If We Really Want to Stimulate the Economy
If we really want to stimulate our economy, we should put money in the hands of the people most likely to spend it. Economists from Paul Krugman to James K. Galbraith to Joseph Stiglitz agree, but this is exactly what the bill passed by the House of Representatives on last does not do.
Low- and moderate-income Americans are struggling to meet the costs of housing, utilities, health care, child care, transportation, and other necessities. Money that is put in their hands will immediately begin circulating through a variety of sectors of our economy.
At the same time, of course, it will alleviate the suffering of thousands of families trying to cope with poverty. Jobs and wages had not kept pace with the cost of living even when the economy was booming. When the economy slows down, lower income workers are typically the first to be laid off and the last to be rehired, and our current safety net is far from adequate to either help meet families’ needs, or provide counter-cyclical support to a flagging economy.
The idea that additional tax cuts for corporations will spur investment ignores the demand half of the supply-and-demand dynamic. It is horribly misguided as an attempt to stimulate economic activity, and horribly unfair in its focus on assisting those who need it least.
Laid off workers filing for unemployment benefits rose by 8,000 last week to 504,000, the second-highest number in almost a decade. An economic stimulus package should start by strengthening unemployment insurance. Eligibility rules should be reformed in order to reach more than the 39 percent of unemployed workers who currently qualify, to count workers’ most recent earning period in calculating benefits, and to provide extended benefits beyond the initial 26-week period.
During the recession that occurred under the presidency of George H.W. Bush, Congress released $35 billion (in 2001 dollars) in additional unemployment benefits. The Congressional Budget Office has estimated that the House-passed bill would provide only $2.3 billion in supplemental benefits by the end of next September. We need to be providing more relief than last time around, not drastically less.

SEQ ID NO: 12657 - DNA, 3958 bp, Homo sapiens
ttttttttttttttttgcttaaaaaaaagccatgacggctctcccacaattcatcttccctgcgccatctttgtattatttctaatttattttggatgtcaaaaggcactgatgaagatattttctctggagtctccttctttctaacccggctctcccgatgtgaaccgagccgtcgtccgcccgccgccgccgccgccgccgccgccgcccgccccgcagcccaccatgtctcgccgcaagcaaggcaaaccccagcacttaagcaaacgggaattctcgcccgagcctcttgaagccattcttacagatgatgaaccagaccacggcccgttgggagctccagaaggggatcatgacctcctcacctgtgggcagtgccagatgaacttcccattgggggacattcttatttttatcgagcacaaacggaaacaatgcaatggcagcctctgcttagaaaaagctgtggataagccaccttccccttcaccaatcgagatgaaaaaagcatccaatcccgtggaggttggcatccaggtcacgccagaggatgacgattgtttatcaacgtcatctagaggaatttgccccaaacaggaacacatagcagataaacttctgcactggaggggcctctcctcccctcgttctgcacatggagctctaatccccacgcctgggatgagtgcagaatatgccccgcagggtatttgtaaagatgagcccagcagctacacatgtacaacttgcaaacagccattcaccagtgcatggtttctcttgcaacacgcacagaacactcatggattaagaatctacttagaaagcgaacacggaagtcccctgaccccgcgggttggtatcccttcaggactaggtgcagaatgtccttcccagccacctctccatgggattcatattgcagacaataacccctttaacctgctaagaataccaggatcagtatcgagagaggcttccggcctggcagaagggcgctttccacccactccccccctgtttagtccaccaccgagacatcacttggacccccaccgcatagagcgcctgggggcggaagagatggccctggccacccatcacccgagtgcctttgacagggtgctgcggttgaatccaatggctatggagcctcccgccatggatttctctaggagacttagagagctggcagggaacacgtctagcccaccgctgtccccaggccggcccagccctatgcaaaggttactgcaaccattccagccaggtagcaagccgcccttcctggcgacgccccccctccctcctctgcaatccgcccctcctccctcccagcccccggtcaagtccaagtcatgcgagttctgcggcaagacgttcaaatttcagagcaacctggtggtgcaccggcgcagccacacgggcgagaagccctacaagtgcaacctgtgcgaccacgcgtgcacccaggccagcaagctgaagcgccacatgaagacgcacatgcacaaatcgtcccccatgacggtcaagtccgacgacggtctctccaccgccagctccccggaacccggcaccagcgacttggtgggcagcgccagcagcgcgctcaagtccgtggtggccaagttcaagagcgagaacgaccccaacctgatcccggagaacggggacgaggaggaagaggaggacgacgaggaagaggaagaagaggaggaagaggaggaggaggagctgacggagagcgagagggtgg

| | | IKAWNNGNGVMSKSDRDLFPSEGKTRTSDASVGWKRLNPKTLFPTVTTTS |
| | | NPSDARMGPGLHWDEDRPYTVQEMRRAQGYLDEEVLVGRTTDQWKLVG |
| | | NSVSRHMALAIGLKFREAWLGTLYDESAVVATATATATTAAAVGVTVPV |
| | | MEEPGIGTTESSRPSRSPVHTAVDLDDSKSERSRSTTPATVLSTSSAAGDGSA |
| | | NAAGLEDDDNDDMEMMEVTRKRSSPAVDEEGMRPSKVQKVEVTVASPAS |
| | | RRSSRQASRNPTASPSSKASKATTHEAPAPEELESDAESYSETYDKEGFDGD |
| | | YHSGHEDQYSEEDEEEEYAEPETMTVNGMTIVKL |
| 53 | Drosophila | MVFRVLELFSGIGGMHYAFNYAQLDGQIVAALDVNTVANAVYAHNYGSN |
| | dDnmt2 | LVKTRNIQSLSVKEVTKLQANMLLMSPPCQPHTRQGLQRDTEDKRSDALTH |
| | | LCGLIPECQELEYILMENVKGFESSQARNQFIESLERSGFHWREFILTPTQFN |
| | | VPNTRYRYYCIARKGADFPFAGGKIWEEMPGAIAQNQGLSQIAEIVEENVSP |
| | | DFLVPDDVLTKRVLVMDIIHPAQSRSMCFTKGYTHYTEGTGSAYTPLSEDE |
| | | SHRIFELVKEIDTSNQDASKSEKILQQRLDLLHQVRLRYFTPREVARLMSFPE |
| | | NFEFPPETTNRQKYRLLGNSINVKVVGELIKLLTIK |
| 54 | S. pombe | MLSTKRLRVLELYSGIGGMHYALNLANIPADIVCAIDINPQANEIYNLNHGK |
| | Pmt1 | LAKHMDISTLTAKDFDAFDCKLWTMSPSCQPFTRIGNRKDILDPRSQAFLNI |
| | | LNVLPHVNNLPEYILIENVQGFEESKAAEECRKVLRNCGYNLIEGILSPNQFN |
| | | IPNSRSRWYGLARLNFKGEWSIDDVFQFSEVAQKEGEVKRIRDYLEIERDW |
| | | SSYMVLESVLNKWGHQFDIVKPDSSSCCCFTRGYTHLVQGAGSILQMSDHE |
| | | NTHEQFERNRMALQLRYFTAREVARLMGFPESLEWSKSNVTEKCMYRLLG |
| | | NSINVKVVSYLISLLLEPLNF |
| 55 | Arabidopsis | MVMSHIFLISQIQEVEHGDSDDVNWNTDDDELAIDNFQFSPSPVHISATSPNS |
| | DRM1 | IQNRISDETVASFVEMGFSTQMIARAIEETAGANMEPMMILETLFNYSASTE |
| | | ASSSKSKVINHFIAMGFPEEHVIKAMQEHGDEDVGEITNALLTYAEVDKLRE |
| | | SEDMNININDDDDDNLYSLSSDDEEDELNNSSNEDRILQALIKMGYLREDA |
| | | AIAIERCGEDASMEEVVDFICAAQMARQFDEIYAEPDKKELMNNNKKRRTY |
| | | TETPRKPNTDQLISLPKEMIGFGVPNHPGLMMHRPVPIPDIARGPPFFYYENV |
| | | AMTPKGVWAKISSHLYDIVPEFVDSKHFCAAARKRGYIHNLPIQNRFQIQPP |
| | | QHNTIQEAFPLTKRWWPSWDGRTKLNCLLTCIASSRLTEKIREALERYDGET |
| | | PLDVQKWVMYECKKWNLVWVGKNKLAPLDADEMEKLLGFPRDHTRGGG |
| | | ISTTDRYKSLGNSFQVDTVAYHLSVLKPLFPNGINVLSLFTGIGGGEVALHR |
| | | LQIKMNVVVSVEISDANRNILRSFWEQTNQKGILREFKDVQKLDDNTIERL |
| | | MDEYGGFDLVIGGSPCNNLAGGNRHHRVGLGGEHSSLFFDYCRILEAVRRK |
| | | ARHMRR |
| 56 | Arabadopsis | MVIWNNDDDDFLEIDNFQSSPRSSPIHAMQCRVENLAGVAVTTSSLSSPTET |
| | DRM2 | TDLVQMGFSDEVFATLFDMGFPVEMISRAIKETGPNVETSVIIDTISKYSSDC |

Housing should also be addressed, because of its importance to economic stability, the inability of so many full-time workers to afford it, and the potential to create thousands of jobs by building affordable housing. Congress should implement a foreclosure/eviction prevention plan and provide $5 billion in immediate funds for the HOME Investment Program to build more affordable housing and create jobs.
In addition, the Bush Administration should stop holding up the release of $300 million in emergency funds that Congress appropriated for the Low-Income Home Energy Assistance Program (LIHEAP), and Congress should provide additional funding for this winter. Congress should also expand Medicaid to provide coverage for unemployed workers.
Critically important, Congress should take a step it was expected to take before the tragedies of Sept. 11, and one that is now needed all the more. It should boost the federal minimum wage from $5.15 per hour to $6.45, and it should make this change effective immediately, rather than phasing it in over three years, as had been proposed. Because the minimum wage is not set to automatically increase with the cost of living, every year in which Congress does not increase it, it effectively decreases. To be worth what it was 30 years ago, the minimum wage would now need to be about $8. Not only can our economy, with its vastly increased productivity, afford to pay $6.45, but with the increases in consumer spending that would result, it can hardly afford not to.
These measures will do more for our entire economy, as well as for the well being of our least well-off and the stability of our low-income neighborhoods than would new tax breaks for corporations and billionaires. If there are tax cuts, these should go to those who did not benefit from the rebates earlier this year. Those rebates and also the child tax credit should be extended to all Americans.
We are in a situation in which concern for our social safety net and a desire to jumpstart the entire economy both demand the same sort of action. The American public understands this and expects its government to act accordingly. CP
Maud Hurd is the national president of ACORN.